The world gold council WGC in the gold 2048 collection claims an expanding middle class contingent in countries like China and India will drive increased demand for gold in the coming decades.

The lengthy report collates several contributions from various experts in finance, international relations and the gold sector, who have come together to discuss potential developments over the next 30 years of the gold industry which is seemingly as malleable as the metal itself.

According to a foreword by WGG chief executive officer Aram Shishmanian the gold mining industry is going to be challenged to produce as much gold in the next 30 years as it has done during recent years.

An emergent middle –class population in large countries such as China and India in combination with broader economic growth are expected to have significant impact on gold demand.

Environmental social and political issues are also expected to prove important in reshaping the gold mining industry global gold production hit its seven consecutive all-time record in 2016.

David Byuers, interim chief executive of the Minerals Council of Australia MCA comments on the WCG’s report saying that Australia needs strong governmental support to meet new challenges within the gold industry particularly regarding tech sector applications.

the recent risk of increased gold royalties in Western Australian and the northern territory shows a short – sighted approach to encouraging a world class Australian industry at a time when production costs are growing he says.

Australia has already missed an opportunity in the past decade. The report shows much of the recent growth in global gold demand has been supplied from new emerging gold regions and mines in other parts of the world.

Both federal and state governments must support Australian gold miners with stable royalty and tax system sound environmental regulation and a commitment to exploration programs if Australia is to make the most of the next phase of technology –led grows in gold demand.

while gold exploration budgets continue to rise within the gold mining industry new gold discoveries have actually decreased.

contributor Mark Fellows head of mine supply at Metals Focus estimates a consistent gold price of $US1500/oz will be required to maintain global production levels at their current standard subject to certain conditions.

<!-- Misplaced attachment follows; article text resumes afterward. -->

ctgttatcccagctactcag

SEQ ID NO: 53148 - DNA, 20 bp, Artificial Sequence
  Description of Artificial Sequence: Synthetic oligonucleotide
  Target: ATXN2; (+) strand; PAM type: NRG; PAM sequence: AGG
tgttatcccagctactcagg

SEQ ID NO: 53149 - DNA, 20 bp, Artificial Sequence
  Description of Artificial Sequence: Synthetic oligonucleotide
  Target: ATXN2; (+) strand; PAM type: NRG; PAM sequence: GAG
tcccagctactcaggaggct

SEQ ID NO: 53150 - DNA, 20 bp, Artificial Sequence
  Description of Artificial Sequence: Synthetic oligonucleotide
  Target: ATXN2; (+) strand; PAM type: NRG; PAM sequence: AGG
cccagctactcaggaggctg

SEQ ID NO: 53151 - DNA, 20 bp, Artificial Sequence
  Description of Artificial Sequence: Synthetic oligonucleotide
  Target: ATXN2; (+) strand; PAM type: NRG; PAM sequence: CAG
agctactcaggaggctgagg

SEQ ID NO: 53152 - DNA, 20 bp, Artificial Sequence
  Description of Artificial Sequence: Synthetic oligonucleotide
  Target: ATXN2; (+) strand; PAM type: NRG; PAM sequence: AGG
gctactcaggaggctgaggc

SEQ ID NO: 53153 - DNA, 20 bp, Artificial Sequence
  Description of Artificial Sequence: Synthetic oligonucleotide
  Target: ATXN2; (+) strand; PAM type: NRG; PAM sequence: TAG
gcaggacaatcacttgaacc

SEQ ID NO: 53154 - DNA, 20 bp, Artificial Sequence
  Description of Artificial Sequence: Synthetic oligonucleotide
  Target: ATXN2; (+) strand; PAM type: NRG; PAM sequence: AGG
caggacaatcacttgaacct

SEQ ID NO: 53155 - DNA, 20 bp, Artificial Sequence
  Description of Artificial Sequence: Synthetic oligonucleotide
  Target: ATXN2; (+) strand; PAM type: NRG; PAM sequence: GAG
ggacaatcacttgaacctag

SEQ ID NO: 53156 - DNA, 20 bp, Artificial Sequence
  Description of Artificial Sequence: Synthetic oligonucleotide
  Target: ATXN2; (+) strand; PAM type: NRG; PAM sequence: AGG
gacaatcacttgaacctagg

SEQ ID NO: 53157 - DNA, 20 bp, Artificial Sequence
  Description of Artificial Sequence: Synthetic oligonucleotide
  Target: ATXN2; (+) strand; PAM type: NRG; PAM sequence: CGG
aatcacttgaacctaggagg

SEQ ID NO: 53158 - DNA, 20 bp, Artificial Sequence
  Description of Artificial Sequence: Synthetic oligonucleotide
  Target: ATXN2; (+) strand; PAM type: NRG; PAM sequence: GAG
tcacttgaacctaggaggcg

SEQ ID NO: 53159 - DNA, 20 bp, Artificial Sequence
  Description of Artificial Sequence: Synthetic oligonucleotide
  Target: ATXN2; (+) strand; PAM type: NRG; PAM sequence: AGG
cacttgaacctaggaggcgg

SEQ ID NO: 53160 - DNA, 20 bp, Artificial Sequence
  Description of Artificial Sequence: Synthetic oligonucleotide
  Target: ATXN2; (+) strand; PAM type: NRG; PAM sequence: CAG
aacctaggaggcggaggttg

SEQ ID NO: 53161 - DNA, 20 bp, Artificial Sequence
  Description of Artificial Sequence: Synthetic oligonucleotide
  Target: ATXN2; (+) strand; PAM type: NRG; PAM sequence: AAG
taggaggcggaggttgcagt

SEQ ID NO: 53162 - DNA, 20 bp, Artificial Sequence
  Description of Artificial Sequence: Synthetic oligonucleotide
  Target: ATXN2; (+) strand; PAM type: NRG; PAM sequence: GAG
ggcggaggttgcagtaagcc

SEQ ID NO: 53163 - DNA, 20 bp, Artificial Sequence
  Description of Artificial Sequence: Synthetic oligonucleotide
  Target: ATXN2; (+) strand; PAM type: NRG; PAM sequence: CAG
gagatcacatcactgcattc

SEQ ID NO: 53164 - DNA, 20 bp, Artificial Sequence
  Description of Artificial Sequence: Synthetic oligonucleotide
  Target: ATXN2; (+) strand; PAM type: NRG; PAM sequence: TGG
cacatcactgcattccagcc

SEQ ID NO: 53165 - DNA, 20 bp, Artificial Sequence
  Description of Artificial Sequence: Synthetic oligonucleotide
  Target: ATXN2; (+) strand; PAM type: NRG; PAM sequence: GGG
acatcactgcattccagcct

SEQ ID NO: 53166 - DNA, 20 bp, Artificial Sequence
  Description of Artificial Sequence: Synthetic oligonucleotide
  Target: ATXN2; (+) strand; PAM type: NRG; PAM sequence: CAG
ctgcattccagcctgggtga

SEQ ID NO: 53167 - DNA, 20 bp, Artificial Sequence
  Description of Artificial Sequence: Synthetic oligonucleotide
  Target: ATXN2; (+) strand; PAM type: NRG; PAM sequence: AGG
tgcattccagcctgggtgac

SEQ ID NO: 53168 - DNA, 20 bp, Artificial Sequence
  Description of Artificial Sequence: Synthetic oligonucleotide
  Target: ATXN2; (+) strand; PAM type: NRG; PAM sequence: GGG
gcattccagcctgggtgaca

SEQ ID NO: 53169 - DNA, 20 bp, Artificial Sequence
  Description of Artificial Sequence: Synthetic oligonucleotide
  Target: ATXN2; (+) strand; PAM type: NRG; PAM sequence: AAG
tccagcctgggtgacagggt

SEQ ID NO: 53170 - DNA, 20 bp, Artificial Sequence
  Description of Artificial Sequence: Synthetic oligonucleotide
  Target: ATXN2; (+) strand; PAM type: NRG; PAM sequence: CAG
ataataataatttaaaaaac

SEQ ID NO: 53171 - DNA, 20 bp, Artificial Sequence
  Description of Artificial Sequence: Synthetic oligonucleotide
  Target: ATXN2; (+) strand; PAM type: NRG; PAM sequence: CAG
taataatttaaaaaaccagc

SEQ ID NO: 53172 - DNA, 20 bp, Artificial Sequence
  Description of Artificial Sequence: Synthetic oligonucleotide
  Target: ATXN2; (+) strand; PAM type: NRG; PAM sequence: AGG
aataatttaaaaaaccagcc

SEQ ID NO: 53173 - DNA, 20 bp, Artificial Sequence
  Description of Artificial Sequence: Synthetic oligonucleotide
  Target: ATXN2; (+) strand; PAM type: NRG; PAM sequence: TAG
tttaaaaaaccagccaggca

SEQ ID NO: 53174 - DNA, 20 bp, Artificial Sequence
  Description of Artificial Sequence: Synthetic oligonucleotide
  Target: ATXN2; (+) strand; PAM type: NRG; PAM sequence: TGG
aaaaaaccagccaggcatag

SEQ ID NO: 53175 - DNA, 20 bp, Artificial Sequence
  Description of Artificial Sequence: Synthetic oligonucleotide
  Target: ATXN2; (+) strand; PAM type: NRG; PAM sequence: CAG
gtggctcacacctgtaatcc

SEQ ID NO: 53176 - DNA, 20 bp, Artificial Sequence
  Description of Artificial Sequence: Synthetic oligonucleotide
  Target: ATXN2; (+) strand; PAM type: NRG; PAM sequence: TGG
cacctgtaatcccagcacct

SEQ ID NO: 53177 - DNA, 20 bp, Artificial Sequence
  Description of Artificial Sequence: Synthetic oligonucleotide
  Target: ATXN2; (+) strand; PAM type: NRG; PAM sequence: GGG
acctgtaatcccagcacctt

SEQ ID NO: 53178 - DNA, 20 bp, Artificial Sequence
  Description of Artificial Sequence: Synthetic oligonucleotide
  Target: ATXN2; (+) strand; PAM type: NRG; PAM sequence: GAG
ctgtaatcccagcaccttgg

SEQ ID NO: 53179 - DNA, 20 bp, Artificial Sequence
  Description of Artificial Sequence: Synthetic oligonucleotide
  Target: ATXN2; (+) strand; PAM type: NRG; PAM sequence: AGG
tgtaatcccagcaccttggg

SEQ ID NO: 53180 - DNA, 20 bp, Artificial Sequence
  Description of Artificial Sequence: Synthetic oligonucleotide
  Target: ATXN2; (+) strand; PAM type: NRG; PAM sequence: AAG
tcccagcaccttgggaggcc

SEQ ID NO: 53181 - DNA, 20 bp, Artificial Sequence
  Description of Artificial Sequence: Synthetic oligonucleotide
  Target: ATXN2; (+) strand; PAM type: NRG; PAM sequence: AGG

Currently Canada and Australia possess the world’s largest gold exploration budgets among mining companies, but it is expected that the industry will become increasingly diversified over the next 30 years.

Shishmanian admits that some changes, whether it involves the gold mining sector, or gold industry at large, will be hard to predict.

“The next 30 years will no doubt bring significant changes — some we anticipate, some that none of us predict,” explains Shishmanian.

“I am delighted that in Gold 2048 we have brought together a stellar set of contributors — economists, investment managers, leaders in the mining industry, as well as our own specialists — to consider the global trends and dynamics that will drive this fascinating market forward.”

Away from mining, the demands of new technologies are also expected to provide a significant impact on gold demand.

Gold 2048 contributors Chen Daofu and Sun Fei from the Finance Research Institution of the Development Research Centre of the State Council, refer to China’s economic transformation as “one of the most influential global trends of the last 30 years”, and point out that China’s economy is expected to grow by 4.8 per cent per year between 2020 and 2035, with technology likely to account for around half of China’s economic growth by 2030.

In addition, China’s nominal gross domestic product (GDP) will increase to $US160 trillion by 2050, around 30 per cent of gross world product (GWP).

In India, the second-largest consumer of gold in the world after China, the middle-class are expected to become by far the dominant social and economic class by 2048.

Gold 2048 contributor Dr Rajesh Shukla, managing director and chief executive officer of the People Research on India’s Consumer Economy (PRICE) explains in his essay, The great Indian middle class: a force to reckon with, that India has the potential over the next three decades to become the world’s fastest-growing economy (5–6 per cent annual growth).

According to PRICE research, the current population of deprived and aspiring Indians will fall from the current 1.1 billion to 150 million by the 2040s, a massive increase in the middle classes from around 19 per cent to over 70 per cent of the country.

“Gold is especially popular in India and China, where the average family has more faith in the physical asset as a store of value than financial securities,” explains Rick Lacaille, executive vice president and global chief investment officer of State Street Global Advisors in his report, The investment market in 2048.

“However, the incentive to switch from physical assets to securities will depend on stability and confidence in financial markets, which in turn will depend on broader political stability,” he adds.

“We may also see the emergence of new commodities and stores of value, either as components of new products or as cheaper, more effective and resilient materials.”